Daily Agenda: Chinese Equities Drop Sharply

Tensions between Saudi Arabia and Iran push oil futures higher; talk of another pharma megamerger emerges.


On the first trading day in 2016, the Shanghai Composite Index fell by 6.9 percent, shutting Chinese stocks markets early after prices breached both newly implemented circuit breakers. The selloff followed a weaker-than-forecast reading for the official December Caixin manufacturing purchasing-managers data on Friday, with the headline index contracting for the fifth consecutive month. In addition to ongoing concerns over China’s growth, equity market strategists there also noted that the looming release for institutional shareholders subjected to a six-month lockup during the volatile correction last summer contributed to the flight. Global equity markets sold off in sympathy, with indications from futures prices that U.S. markets may open down as well.

Tensions between Saudi Arabia and Iran escalate. Over the weekend, Saudi Arabia recalled all diplomatic staff from Iran after protesters in Tehran stormed the Saudi embassy. The execution of a prominent Shiite cleric in Saudi Arabia prompted the conflict. Oil prices responded, with Brent grade front-month futures contracts rising by more than 3 percent in London.

Alibaba’s online bank to raise capital. Media reports Monday indicated that Zhejiang Ant Small & Micro Financial Services Group, the financial services affiliate of Alibaba Group Holdings, will be holding a secondary funding round totaling more than $1 billion ahead of a planned initial public offering. The online payment and banking platform is currently valued at more than $45 billion based on the most recent equity round.

Swiss private banks hit with fines by the U.S. Geneva’s Bank Lombard Odier & Co. agreed to pay a fine totaling nearly $100 million to U.S. authorities after admitting that the bank helped wealthy American taxpayers hide assets. Last week rival Swiss private bank Julius Baer announced that it expected to pay more than $500 million to settle criminal charges over aiding U.S. tax evaders.

Singapore’s economy rebounded into year-end. Initial gross domestic product estimates for the final three months of 2015 issued today by the Singapore Trade Ministry indicate that the economy expanded at a significantly faster pace than expected by economists. The headline growth index rose by an annualized 5.7 percent for the period versus 1.7 percent in the prior quarter.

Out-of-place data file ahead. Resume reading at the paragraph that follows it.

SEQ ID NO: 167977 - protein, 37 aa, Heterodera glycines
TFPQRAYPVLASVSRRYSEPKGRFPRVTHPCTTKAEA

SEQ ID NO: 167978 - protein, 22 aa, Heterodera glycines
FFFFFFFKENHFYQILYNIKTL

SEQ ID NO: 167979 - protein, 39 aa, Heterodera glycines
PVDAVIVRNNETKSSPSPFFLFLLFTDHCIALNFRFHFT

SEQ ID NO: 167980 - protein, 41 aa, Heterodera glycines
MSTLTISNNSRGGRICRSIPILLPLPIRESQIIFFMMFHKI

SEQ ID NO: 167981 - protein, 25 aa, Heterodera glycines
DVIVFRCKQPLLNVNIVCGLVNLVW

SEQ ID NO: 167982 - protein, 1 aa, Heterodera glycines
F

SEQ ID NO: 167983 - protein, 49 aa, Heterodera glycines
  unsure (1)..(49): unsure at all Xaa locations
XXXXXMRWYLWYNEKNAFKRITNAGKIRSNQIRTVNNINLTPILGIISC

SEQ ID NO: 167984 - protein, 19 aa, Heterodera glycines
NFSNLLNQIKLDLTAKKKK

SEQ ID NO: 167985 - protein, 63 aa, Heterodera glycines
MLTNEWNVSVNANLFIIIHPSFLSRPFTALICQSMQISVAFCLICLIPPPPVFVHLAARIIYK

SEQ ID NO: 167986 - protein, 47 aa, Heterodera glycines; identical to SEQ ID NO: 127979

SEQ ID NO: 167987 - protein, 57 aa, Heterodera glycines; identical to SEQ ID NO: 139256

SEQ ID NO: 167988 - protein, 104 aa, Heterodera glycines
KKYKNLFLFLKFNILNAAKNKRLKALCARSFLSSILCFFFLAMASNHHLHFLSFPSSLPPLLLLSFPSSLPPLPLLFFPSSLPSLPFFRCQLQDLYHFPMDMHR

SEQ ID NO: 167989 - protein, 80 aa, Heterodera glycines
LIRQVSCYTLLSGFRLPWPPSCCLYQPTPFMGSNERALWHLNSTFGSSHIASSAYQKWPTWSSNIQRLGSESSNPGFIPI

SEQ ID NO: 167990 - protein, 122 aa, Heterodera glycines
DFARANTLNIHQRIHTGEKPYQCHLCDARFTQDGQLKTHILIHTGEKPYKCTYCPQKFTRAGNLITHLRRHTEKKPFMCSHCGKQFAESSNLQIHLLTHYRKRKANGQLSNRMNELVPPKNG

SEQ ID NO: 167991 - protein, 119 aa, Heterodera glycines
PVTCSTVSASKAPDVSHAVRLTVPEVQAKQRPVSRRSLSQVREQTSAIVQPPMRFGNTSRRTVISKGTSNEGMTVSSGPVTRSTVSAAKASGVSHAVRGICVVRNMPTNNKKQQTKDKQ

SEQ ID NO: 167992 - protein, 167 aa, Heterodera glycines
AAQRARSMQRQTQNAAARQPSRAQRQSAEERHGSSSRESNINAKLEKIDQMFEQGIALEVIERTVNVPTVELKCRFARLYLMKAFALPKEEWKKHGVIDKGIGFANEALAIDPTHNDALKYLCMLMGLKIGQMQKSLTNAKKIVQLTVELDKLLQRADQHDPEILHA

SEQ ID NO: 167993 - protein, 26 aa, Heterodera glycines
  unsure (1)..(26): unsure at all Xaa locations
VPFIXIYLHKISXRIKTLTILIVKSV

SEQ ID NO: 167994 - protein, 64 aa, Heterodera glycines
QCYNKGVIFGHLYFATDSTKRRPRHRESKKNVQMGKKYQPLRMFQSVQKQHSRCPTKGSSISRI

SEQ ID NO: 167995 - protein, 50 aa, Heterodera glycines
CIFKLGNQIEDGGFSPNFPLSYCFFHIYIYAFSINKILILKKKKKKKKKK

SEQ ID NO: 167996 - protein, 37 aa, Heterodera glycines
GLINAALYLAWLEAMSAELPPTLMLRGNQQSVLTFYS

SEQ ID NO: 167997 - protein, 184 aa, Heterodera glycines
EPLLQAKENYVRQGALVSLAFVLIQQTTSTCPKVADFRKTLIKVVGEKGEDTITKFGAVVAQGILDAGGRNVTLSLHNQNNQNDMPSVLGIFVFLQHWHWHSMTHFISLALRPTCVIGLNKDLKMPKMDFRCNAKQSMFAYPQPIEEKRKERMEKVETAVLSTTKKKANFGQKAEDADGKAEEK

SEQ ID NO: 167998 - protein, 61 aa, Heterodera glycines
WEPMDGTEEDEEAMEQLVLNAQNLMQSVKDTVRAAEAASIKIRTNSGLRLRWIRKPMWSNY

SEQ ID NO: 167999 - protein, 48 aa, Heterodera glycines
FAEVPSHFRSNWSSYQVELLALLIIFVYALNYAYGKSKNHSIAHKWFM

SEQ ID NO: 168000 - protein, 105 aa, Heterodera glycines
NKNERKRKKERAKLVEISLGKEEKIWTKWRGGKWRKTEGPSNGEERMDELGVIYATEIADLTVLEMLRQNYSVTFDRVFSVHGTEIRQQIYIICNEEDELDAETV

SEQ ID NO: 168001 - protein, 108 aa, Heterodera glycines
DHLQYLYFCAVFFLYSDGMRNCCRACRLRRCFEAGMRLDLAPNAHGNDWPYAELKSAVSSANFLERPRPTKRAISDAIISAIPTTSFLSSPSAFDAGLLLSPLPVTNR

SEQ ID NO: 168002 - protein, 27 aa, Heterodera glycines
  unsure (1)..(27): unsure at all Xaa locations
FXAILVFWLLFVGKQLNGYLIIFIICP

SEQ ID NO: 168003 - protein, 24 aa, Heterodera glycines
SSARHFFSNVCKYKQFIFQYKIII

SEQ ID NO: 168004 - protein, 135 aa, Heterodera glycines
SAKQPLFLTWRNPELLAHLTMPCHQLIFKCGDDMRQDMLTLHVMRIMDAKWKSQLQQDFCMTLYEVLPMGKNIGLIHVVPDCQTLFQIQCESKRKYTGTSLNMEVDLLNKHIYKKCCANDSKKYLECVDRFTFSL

Another pharmaceutical mega-merger rumored. On Monday, multiple media outlets reported advanced discussions between Irish drug maker Shire and Bannockburn, Illinois-based Baxalta, a spinoff of hospital supply giant Baxter. The reports, leaked by anonymous sources, indicate that the total size of the transaction would exceed $30 billion.


Portfolio Perspective: Parallel Universes — Sean Darby, Jefferies

Although only investors and not economies or markets recognize the change in the year, we believe the dominant theme impacting shares in 2016 will once again be the reach for yield. Equally, equity markets should still be affected from the “over-reach for yield” resulting from the EM [emerging market] and commodity credit boom that occurred from 2009–’14.

Despite concerns over the lack of inflation and the efforts of central banks to avert deflation, flat yield curves are reflecting a world of low growth and low inflation. Equities are long-duration assets and this means that equities will remain relatively well bid within global financial assets but a close watch will need to be kept on U.S. real long-bond yields.

While credit markets widened going into year-end during thin trading, the good news is that there have been no signs that credit issuance has been impacted. Moreover, it also appears that fears over a 1994/98 EM-style crisis were unfounded. Flexible exchange rates and the long duration of foreign debt issued bought time for the EM central banks.

Whereas investors are quite right to recognize the policy divergence between the U.S. and Japan and Europe, in reality there are a host of subtle factors that could impact equities on a micro-level. For instance, we would argue that the increasing difference in global pricing power between manufacturing and service-oriented companies will have a much greater influence on profits. Furthermore, the weak global trade picture has been depressed by high inventory-to-shipment ratios in many EM economies and this is likely to keep global growth subdued into 1H16.

Sean Darby is chief global equity strategist for Jefferies in Hong Kong.